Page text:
BOSTON POLICE Commissioner Edward Davis sent a weak message on police misconduct last week -- all the more so because it was timed to generate minimal publicity. The disciplining of officers in a steroid-use scandal deserves greater scrutiny, especially given the city's recurring problems with rogue officers.Going forward, officers who used drugs and lied to anti-corruption investigators are worthless to the department: Even if they continue to perform police work, they can never be called to testify in court because they'd be easily discredited. If they'd lie to official investigators, who doesn't believe they'd lie to a jury?
Davis parceled out punishments ranging from written reprimands to a 45-day unpaid suspension to 11 officers who were involved in steroid use or had frequented an afterhours club in Hyde Park where drugs, alcohol, and prostitutes were present. The punishments are a byproduct of a federal investigation in 2006 that culminated in the arrest and lengthy imprisonment of three former Boston Police officers for protecting a large shipment of cocaine arranged by federal agents posing as drug dealers. The head of that protection racket, former officer Roberto Pulido, was a steroid user who also guarded parties at the after-hours club frequented by police.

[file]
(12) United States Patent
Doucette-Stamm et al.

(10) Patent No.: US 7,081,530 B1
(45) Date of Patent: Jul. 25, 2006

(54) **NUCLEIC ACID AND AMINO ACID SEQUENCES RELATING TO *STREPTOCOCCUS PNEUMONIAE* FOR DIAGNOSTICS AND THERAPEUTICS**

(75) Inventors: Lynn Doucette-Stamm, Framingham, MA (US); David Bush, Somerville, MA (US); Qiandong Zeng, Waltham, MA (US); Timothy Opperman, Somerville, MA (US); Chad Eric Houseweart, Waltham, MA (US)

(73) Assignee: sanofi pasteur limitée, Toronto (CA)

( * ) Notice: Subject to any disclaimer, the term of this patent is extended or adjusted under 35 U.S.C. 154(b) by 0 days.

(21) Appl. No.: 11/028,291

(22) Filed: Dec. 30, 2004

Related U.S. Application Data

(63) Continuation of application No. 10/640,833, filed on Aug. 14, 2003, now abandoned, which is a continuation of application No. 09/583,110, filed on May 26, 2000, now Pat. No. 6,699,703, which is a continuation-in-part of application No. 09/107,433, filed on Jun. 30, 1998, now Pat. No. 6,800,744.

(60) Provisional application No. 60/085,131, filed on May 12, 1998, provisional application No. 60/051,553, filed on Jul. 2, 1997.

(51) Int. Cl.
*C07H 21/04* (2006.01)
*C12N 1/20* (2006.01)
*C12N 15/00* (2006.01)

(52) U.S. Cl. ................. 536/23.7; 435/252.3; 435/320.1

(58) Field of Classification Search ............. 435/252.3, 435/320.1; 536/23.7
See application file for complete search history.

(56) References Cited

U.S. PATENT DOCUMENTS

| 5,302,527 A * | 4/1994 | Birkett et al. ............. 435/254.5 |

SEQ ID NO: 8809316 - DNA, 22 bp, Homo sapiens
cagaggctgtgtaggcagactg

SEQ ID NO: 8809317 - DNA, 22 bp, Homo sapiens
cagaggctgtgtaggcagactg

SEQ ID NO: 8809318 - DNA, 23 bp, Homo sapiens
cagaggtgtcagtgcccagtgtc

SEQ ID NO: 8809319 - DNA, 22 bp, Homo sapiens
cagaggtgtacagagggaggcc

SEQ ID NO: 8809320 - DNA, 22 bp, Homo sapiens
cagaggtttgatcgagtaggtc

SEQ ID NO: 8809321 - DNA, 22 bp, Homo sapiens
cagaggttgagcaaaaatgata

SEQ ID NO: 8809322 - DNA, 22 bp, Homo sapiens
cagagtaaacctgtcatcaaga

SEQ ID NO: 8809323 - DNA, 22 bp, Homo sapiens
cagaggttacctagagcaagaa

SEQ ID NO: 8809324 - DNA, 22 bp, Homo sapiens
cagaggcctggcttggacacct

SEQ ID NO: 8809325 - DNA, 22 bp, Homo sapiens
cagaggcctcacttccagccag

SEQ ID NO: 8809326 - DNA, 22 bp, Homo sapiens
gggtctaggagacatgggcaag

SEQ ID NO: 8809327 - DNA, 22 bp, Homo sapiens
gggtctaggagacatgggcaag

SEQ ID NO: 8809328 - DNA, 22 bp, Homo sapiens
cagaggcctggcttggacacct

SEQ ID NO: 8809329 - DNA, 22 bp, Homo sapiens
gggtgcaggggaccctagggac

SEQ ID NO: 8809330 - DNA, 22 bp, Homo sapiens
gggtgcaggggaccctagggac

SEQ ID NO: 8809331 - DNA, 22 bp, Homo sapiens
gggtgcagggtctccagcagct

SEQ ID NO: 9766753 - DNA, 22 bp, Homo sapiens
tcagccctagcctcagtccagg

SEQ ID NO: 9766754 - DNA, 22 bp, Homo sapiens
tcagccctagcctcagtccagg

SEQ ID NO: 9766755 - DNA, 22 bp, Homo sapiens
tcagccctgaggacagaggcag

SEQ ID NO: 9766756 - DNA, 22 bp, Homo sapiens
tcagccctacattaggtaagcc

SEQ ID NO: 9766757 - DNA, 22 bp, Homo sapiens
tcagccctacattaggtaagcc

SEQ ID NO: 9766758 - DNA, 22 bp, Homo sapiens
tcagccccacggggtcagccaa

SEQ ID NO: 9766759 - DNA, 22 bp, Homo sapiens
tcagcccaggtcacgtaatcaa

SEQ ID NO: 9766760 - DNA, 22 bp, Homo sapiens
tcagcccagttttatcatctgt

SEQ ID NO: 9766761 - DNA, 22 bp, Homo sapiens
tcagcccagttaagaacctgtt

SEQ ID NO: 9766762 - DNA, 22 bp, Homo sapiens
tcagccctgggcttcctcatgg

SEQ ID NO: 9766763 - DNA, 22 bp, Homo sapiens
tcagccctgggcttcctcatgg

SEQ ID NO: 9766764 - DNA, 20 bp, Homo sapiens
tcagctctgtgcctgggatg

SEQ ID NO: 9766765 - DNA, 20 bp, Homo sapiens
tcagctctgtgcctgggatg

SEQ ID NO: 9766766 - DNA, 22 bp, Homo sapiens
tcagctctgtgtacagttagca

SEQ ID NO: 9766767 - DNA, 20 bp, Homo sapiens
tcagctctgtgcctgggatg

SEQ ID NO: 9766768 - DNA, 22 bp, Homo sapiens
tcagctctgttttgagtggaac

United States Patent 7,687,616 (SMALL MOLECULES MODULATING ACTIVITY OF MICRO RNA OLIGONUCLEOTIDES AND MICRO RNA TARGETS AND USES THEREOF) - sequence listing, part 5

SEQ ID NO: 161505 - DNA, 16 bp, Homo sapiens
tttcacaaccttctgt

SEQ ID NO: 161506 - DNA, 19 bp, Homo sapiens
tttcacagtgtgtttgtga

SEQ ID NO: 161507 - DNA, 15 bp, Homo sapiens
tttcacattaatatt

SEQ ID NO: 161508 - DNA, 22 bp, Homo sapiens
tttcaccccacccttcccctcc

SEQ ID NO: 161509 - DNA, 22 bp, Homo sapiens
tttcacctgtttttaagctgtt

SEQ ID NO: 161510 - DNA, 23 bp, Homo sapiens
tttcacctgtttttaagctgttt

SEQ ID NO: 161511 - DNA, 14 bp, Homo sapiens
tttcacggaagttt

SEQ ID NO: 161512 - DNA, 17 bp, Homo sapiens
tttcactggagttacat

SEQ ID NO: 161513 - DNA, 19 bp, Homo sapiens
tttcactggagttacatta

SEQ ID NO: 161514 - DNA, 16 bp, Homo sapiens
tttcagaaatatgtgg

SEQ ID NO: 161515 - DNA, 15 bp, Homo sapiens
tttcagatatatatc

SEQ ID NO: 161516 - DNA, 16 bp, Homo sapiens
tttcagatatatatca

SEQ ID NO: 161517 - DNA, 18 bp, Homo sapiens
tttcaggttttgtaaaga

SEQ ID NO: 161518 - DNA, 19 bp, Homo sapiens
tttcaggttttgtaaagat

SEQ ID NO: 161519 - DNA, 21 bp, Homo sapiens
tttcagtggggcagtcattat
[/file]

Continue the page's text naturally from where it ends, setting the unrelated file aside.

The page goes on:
Davis acknowledges that termination, not suspensions, would have been a more "appropriate punishment" for some of the officers who not only used illegal drugs but also lied about such use to the department's anti-corruption investigators. But like his predecessors, Davis says he is handcuffed by an aggressive union, contractual language that metes out light punishment for first-time drug violations, and labor arbitrators who overturn long suspensions and terminations.
Cops deserve due process rights just like everybody else, but the public also needs to be protected from corrupt law enforcement. When a department determines officers lied to investigators and participated in illegal drug markets, it's a grave disservice to the public to keep them on the force just because management fears the union's political clout.